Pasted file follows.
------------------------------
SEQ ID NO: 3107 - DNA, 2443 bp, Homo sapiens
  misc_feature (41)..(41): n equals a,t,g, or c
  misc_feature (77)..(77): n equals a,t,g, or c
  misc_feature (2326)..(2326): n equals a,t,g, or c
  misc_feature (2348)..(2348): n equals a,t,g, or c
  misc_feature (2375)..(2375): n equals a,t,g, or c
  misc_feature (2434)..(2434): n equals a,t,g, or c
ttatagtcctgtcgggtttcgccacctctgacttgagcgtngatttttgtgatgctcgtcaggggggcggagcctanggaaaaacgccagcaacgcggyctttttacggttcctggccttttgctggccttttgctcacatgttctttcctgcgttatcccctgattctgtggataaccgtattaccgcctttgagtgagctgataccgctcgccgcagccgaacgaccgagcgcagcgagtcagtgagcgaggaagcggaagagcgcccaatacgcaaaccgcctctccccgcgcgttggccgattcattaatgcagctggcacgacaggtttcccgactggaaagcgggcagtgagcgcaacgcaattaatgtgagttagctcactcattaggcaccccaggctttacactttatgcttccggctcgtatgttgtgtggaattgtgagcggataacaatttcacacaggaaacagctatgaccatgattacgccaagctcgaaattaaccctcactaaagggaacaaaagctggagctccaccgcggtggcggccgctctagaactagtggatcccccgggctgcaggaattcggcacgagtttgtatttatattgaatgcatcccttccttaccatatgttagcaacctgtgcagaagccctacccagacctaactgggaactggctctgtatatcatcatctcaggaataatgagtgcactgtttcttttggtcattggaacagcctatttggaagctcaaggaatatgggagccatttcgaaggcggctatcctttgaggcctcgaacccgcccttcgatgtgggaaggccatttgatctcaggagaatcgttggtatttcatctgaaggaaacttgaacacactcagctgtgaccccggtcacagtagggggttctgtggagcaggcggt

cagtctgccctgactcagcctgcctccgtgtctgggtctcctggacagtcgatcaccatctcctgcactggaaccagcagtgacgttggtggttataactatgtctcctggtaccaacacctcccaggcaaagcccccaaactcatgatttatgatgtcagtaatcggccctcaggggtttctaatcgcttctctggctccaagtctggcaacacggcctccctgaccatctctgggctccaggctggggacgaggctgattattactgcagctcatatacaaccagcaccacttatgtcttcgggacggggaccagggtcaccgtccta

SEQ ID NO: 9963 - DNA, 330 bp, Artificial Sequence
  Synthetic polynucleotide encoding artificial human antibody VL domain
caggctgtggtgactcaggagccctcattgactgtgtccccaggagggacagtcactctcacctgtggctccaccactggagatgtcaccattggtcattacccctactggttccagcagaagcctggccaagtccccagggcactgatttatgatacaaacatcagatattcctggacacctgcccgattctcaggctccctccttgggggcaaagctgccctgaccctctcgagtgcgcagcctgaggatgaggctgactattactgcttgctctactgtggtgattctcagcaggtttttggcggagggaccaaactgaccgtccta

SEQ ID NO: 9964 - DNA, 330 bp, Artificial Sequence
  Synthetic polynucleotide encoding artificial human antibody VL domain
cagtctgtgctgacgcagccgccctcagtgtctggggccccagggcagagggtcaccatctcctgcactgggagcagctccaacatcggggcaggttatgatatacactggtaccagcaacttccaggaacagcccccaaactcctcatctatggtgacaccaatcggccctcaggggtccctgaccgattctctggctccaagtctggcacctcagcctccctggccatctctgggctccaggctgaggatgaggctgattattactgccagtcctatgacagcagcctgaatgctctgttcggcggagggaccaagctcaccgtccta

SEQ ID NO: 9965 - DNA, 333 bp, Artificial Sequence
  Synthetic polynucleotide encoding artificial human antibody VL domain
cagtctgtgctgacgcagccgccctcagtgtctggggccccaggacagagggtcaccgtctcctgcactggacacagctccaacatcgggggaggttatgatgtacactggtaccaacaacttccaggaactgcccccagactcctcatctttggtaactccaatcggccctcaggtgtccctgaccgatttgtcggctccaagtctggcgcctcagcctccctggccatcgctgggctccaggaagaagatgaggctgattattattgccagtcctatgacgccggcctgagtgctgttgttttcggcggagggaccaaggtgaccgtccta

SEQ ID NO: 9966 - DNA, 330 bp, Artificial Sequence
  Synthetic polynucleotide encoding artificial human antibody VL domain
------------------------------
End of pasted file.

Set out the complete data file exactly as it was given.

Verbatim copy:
SEQ ID NO: 3107 - DNA, 2443 bp, Homo sapiens
  misc_feature (41)..(41): n equals a,t,g, or c
  misc_feature (77)..(77): n equals a,t,g, or c
  misc_feature (2326)..(2326): n equals a,t,g, or c
  misc_feature (2348)..(2348): n equals a,t,g, or c
  misc_feature (2375)..(2375): n equals a,t,g, or c
  misc_feature (2434)..(2434): n equals a,t,g, or c
ttatagtcctgtcgggtttcgccacctctgacttgagcgtngatttttgtgatgctcgtcaggggggcggagcctanggaaaaacgccagcaacgcggyctttttacggttcctggccttttgctggccttttgctcacatgttctttcctgcgttatcccctgattctgtggataaccgtattaccgcctttgagtgagctgataccgctcgccgcagccgaacgaccgagcgcagcgagtcagtgagcgaggaagcggaagagcgcccaatacgcaaaccgcctctccccgcgcgttggccgattcattaatgcagctggcacgacaggtttcccgactggaaagcgggcagtgagcgcaacgcaattaatgtgagttagctcactcattaggcaccccaggctttacactttatgcttccggctcgtatgttgtgtggaattgtgagcggataacaatttcacacaggaaacagctatgaccatgattacgccaagctcgaaattaaccctcactaaagggaacaaaagctggagctccaccgcggtggcggccgctctagaactagtggatcccccgggctgcaggaattcggcacgagtttgtatttatattgaatgcatcccttccttaccatatgttagcaacctgtgcagaagccctacccagacctaactgggaactggctctgtatatcatcatctcaggaataatgagtgcactgtttcttttggtcattggaacagcctatttggaagctcaaggaatatgggagccatttcgaaggcggctatcctttgaggcctcgaacccgcccttcgatgtgggaaggccatttgatctcaggagaatcgttggtatttcatctgaaggaaacttgaacacactcagctgtgaccccggtcacagtagggggttctgtggagcaggcggt

cagtctgccctgactcagcctgcctccgtgtctgggtctcctggacagtcgatcaccatctcctgcactggaaccagcagtgacgttggtggttataactatgtctcctggtaccaacacctcccaggcaaagcccccaaactcatgatttatgatgtcagtaatcggccctcaggggtttctaatcgcttctctggctccaagtctggcaacacggcctccctgaccatctctgggctccaggctggggacgaggctgattattactgcagctcatatacaaccagcaccacttatgtcttcgggacggggaccagggtcaccgtccta

SEQ ID NO: 9963 - DNA, 330 bp, Artificial Sequence
  Synthetic polynucleotide encoding artificial human antibody VL domain
caggctgtggtgactcaggagccctcattgactgtgtccccaggagggacagtcactctcacctgtggctccaccactggagatgtcaccattggtcattacccctactggttccagcagaagcctggccaagtccccagggcactgatttatgatacaaacatcagatattcctggacacctgcccgattctcaggctccctccttgggggcaaagctgccctgaccctctcgagtgcgcagcctgaggatgaggctgactattactgcttgctctactgtggtgattctcagcaggtttttggcggagggaccaaactgaccgtccta

SEQ ID NO: 9964 - DNA, 330 bp, Artificial Sequence
  Synthetic polynucleotide encoding artificial human antibody VL domain
cagtctgtgctgacgcagccgccctcagtgtctggggccccagggcagagggtcaccatctcctgcactgggagcagctccaacatcggggcaggttatgatatacactggtaccagcaacttccaggaacagcccccaaactcctcatctatggtgacaccaatcggccctcaggggtccctgaccgattctctggctccaagtctggcacctcagcctccctggccatctctgggctccaggctgaggatgaggctgattattactgccagtcctatgacagcagcctgaatgctctgttcggcggagggaccaagctcaccgtccta

SEQ ID NO: 9965 - DNA, 333 bp, Artificial Sequence
  Synthetic polynucleotide encoding artificial human antibody VL domain
cagtctgtgctgacgcagccgccctcagtgtctggggccccaggacagagggtcaccgtctcctgcactggacacagctccaacatcgggggaggttatgatgtacactggtaccaacaacttccaggaactgcccccagactcctcatctttggtaactccaatcggccctcaggtgtccctgaccgatttgtcggctccaagtctggcgcctcagcctccctggccatcgctgggctccaggaagaagatgaggctgattattattgccagtcctatgacgccggcctgagtgctgttgttttcggcggagggaccaaggtgaccgtccta

SEQ ID NO: 9966 - DNA, 330 bp, Artificial Sequence
  Synthetic polynucleotide encoding artificial human antibody VL domain